It’s also possible for precision to be compromised if the bullet is spinning faster than it has to be for adequate stability. When a bullet emerges from the muzzle of a rifle, it’s spinning very fast. Any imperfection in the shape, balance or alignment of the bullet will cause it to disperse away from the bore line when it exits the muzzle. The amount of dispersion is related to how severe the imperfections in the bullet are, and also how fast the bullet is spinning. Higher spin rates produce more dispersion. This situation can create the illusion that the bullet’s dispersion is caused by excessive stability, but that’s not the reality. The actual stability level of the bullet is not what causes the dispersion! The imperfections in the bullet cause dispersion, and the dispersion is increased the faster the bullet is spinning. The more balanced the bullet the bullets are, the less dispersion will result from spinning them faster. One of the reasons why short range Benchrest shooters choose to shoot short, blunt, flat based bullets is because they require such a slow twist to stabilize. The slower twist barrels aggravate the imperfections of the bullets much less than faster twist barrels and smaller groups result.

    The relationship between spin rate and dispersion is stronger for low quality bullets. This is why British Commonwealth ‘Target Rifle’ shooters long used 1:14” twist barrels as until recently the discipline’s rules required the use of ‘as issued’ 7.62mm NATO military ammunition which was loaded with relatively poor quality 145 grain FMJBT bullets. As precision bullet manufacturing technology matures and the resulting products move ever closer to having perfect balance, the relationship between spin rate and dispersion is diminishing.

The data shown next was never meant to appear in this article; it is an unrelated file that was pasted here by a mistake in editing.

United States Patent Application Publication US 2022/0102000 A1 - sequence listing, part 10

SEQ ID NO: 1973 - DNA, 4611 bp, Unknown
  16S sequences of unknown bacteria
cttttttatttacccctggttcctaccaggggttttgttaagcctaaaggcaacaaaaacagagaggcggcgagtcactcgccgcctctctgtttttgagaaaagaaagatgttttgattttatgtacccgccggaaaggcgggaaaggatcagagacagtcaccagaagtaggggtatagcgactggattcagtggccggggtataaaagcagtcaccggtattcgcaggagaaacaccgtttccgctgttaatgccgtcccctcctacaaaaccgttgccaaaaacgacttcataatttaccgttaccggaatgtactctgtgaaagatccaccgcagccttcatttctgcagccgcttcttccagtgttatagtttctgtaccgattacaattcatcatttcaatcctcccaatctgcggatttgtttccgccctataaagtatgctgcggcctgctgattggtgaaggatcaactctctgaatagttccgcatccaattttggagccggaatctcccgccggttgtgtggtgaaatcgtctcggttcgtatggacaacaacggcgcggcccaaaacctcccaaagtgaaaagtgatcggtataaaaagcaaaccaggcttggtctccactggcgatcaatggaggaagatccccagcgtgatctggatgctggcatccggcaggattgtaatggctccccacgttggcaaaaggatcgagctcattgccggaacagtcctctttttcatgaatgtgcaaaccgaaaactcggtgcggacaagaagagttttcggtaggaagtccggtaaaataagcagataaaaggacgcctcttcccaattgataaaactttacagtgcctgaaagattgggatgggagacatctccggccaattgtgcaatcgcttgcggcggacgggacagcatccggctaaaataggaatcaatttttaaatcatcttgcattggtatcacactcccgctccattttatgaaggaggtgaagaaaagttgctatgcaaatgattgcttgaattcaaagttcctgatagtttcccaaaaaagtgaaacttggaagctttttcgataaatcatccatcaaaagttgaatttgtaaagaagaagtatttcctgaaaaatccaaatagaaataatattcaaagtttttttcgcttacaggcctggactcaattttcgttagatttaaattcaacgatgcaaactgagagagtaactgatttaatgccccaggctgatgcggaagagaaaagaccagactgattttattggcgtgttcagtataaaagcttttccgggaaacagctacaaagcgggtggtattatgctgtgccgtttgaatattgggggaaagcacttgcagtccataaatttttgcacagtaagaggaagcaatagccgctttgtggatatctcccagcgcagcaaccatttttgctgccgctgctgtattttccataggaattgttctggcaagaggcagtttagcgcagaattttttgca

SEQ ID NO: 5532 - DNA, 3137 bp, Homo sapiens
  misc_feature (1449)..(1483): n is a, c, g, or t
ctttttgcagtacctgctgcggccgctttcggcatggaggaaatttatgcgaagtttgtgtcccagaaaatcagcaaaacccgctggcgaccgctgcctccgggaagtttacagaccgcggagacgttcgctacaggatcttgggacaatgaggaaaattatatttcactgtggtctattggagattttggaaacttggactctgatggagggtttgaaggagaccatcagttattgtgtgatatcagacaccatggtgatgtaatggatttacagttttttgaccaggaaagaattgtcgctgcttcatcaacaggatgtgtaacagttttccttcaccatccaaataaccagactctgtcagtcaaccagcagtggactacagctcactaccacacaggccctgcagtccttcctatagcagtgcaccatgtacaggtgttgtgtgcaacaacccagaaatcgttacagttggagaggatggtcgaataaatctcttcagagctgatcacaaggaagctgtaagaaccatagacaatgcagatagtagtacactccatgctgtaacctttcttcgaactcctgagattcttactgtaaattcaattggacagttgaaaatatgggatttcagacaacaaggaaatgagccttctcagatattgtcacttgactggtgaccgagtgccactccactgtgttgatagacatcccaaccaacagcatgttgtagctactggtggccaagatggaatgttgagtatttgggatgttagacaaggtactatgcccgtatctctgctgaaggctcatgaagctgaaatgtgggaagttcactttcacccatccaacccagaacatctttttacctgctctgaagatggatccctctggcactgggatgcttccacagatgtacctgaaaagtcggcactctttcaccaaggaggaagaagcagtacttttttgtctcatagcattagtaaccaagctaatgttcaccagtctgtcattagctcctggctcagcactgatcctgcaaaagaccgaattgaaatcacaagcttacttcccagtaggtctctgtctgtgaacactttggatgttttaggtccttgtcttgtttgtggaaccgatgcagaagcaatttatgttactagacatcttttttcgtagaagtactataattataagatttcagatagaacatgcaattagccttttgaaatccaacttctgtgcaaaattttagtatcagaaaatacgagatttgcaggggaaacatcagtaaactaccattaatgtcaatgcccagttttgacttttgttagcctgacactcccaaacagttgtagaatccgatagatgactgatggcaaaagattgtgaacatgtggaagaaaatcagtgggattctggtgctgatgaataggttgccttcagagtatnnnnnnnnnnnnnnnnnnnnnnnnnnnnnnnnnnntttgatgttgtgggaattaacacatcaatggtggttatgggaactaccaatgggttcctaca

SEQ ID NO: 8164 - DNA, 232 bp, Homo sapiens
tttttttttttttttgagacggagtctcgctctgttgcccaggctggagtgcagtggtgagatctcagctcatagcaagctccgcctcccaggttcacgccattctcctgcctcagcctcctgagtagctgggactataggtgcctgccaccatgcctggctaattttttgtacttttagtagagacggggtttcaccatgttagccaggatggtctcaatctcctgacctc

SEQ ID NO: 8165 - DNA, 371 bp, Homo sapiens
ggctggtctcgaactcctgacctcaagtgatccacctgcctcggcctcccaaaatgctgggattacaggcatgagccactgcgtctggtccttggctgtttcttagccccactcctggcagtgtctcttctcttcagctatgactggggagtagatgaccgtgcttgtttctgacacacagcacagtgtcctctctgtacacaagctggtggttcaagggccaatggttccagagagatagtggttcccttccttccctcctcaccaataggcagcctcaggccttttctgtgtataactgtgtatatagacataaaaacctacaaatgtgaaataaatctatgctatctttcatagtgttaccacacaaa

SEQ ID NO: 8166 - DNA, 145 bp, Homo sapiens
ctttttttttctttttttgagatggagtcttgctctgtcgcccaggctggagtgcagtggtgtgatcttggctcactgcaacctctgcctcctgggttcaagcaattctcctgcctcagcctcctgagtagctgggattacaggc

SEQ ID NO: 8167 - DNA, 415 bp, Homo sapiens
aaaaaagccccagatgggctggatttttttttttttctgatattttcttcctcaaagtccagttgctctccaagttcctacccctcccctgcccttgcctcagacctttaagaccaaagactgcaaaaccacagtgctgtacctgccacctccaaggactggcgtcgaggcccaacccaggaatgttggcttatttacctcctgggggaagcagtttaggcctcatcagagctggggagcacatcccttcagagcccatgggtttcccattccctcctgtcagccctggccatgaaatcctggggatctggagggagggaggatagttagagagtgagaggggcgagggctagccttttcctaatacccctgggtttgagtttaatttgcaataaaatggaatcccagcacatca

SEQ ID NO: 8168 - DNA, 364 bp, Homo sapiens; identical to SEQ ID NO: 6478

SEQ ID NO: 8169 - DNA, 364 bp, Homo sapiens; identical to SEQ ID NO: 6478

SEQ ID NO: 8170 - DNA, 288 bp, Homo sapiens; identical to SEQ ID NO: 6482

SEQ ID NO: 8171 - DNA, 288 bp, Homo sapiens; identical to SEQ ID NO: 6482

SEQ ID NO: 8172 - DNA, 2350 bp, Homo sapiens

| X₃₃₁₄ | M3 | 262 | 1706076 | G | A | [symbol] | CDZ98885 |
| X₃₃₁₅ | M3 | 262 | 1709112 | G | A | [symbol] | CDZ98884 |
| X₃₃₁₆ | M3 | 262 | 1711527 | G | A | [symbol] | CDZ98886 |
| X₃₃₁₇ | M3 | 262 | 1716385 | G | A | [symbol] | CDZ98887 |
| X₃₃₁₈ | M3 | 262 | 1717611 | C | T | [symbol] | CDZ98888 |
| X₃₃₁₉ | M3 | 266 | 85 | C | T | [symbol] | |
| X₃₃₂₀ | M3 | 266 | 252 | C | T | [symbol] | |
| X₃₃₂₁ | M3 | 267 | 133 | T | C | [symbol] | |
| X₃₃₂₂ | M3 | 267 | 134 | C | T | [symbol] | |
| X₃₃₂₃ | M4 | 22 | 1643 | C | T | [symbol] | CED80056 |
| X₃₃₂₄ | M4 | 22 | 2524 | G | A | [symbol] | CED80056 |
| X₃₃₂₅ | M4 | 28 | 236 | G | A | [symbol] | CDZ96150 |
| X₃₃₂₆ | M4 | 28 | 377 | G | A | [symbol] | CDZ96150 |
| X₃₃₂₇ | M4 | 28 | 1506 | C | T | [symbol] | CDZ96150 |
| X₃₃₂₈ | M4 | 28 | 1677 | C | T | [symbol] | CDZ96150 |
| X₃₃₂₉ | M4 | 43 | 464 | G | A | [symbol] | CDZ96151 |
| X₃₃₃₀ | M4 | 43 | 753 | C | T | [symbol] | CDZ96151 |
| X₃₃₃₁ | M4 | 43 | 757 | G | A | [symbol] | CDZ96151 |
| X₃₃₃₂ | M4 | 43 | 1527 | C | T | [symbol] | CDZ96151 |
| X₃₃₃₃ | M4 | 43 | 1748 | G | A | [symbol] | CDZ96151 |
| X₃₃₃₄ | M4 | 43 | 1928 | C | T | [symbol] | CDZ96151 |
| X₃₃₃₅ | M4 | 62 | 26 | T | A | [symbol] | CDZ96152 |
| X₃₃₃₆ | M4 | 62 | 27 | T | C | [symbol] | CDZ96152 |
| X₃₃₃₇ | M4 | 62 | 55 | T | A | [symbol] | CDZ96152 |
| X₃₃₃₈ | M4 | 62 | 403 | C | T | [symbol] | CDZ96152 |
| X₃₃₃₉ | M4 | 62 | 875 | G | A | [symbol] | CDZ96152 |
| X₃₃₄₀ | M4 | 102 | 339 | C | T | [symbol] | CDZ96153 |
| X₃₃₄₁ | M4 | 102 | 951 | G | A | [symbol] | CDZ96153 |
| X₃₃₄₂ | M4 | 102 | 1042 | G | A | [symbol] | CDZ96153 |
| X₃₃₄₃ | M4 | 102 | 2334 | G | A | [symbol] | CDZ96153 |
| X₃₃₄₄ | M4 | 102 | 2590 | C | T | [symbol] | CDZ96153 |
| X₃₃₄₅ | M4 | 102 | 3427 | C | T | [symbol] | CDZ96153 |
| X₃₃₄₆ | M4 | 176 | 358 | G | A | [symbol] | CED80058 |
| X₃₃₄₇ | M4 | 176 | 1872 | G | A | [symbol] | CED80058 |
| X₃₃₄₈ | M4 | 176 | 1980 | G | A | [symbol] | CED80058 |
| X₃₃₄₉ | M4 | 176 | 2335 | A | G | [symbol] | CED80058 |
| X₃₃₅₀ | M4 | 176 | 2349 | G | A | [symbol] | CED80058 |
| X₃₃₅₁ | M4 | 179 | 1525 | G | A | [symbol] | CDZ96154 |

There is much debate about what barrel twist rate or bullet RPM is optimal for precision shooting. The answer isn’t as complicated as it’s made out to be. The right way to choose the proper twist rate for a particular bullet is to select a twist that for a particular bullet is to select a twist that results in a stability factor (Sg) of at least 1.4 [Miller Stability Formula] at your intended velocity. If the stability factor is a little higher, that’s ok. The effects of over spinning a bullet are not nearly as bad as under spinning it. If the Sg is up near 2.0, that’s not necessarily bad. As long as you’re shooting good bullets there will be no detectable difference in precision. If you get a batch of bad bullets, a slower twist barrel may be more forgiving, but the difference would be hard to resolve.”